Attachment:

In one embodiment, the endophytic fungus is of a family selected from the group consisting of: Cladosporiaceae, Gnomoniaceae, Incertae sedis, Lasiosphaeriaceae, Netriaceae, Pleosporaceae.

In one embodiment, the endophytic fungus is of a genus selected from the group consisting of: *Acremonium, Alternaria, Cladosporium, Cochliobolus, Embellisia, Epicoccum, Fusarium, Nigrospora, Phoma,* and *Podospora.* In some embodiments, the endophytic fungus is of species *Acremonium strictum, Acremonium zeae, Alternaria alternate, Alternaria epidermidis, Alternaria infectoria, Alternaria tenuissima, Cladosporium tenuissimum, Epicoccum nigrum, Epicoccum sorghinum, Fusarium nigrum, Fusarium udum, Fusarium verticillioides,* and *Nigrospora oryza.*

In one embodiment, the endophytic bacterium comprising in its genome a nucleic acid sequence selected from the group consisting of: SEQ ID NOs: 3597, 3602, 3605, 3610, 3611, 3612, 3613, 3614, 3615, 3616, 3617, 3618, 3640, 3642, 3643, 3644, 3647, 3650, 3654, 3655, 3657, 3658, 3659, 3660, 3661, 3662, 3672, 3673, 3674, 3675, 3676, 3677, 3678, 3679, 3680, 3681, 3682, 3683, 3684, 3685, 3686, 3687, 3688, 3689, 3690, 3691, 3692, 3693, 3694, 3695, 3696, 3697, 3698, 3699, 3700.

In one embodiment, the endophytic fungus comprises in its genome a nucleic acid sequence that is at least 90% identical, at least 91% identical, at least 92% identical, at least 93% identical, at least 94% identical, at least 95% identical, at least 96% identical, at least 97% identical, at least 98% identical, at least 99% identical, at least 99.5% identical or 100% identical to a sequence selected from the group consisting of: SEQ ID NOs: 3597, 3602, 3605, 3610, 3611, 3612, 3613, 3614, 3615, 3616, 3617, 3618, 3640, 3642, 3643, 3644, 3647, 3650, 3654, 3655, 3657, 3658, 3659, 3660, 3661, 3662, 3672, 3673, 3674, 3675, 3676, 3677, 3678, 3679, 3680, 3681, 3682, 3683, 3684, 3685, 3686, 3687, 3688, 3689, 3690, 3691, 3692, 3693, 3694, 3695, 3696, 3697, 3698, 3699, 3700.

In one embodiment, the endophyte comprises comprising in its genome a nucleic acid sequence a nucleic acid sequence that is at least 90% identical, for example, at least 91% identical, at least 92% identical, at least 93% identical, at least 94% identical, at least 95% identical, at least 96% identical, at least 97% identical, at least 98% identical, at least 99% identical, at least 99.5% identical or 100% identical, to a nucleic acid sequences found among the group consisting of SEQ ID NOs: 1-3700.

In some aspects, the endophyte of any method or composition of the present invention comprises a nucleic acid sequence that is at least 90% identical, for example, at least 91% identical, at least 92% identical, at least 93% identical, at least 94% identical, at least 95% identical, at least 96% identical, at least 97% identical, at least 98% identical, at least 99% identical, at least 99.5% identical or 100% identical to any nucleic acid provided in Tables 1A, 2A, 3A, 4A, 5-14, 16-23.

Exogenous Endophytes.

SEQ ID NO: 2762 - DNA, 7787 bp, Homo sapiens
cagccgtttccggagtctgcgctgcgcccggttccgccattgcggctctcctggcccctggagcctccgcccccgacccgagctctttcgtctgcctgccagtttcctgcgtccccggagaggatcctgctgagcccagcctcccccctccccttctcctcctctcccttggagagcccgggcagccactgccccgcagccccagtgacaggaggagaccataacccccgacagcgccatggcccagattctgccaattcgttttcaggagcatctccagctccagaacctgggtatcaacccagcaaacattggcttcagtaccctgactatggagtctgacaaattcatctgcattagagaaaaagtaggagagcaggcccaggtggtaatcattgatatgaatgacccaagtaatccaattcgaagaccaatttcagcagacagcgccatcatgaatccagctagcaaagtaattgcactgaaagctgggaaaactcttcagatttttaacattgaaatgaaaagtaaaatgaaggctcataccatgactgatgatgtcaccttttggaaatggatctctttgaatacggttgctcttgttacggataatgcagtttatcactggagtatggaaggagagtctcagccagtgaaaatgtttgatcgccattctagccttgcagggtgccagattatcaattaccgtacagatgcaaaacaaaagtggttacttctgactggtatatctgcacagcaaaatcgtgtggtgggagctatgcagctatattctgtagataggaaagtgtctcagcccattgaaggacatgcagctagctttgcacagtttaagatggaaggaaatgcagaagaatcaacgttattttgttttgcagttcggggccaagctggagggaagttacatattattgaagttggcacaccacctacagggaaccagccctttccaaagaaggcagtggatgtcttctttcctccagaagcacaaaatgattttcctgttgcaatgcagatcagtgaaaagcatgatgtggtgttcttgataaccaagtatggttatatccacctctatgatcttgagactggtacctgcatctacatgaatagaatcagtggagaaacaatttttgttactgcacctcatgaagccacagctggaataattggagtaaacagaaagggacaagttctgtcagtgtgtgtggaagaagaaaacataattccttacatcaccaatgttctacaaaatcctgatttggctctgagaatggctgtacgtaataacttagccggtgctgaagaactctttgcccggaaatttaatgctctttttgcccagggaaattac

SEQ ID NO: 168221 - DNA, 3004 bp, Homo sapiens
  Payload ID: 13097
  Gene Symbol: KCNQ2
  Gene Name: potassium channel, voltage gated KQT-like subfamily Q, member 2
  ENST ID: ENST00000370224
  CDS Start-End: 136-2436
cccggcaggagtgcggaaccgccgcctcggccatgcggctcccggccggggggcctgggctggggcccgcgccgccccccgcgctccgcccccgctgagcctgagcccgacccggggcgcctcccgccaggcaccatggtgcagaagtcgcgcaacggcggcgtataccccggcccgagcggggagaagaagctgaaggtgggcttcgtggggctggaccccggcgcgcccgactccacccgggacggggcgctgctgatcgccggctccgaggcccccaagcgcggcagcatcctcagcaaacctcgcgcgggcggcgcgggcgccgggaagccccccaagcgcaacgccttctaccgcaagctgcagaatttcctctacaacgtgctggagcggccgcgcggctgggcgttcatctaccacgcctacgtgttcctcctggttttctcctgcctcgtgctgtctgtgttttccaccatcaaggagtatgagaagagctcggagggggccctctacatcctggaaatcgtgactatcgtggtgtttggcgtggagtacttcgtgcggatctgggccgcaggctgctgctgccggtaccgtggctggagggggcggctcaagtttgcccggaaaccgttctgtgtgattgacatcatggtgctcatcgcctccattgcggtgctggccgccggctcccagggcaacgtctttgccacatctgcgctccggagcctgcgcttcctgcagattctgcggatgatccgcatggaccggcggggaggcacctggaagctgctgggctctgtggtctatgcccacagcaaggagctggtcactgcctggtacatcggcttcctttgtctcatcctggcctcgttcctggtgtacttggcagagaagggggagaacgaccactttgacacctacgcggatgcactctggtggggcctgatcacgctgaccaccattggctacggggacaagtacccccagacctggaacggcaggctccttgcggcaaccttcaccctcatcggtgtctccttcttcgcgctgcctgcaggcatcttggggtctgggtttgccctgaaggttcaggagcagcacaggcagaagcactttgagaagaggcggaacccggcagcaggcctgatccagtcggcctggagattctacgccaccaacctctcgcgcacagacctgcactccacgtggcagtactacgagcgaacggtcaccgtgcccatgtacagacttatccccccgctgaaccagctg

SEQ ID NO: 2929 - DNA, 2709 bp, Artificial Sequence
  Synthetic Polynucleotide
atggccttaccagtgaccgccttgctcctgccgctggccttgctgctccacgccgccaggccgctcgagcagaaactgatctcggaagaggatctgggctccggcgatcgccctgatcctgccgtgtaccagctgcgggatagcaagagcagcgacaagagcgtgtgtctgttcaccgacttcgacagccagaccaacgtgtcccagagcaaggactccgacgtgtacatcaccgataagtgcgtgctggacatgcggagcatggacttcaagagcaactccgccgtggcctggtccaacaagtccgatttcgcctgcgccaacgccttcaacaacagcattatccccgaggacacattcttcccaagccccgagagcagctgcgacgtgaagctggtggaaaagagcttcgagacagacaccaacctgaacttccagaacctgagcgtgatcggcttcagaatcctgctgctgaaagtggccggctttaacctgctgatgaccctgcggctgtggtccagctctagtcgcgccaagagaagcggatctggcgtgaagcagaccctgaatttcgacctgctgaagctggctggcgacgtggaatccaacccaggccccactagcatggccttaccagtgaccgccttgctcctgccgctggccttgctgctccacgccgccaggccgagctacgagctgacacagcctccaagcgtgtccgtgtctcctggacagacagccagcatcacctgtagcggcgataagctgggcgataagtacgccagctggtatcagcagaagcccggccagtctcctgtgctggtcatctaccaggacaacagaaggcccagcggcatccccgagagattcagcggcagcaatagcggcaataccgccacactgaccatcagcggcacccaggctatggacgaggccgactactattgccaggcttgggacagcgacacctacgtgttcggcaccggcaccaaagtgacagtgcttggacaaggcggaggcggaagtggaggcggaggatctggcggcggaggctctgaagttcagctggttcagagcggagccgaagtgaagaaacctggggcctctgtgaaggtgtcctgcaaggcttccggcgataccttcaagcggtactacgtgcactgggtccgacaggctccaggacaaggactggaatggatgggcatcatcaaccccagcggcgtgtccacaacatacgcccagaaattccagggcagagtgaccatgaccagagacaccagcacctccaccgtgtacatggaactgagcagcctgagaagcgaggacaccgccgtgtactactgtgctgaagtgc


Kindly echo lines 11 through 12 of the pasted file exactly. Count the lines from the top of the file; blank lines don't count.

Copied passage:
  Payload ID: 13097
  Gene Symbol: KCNQ2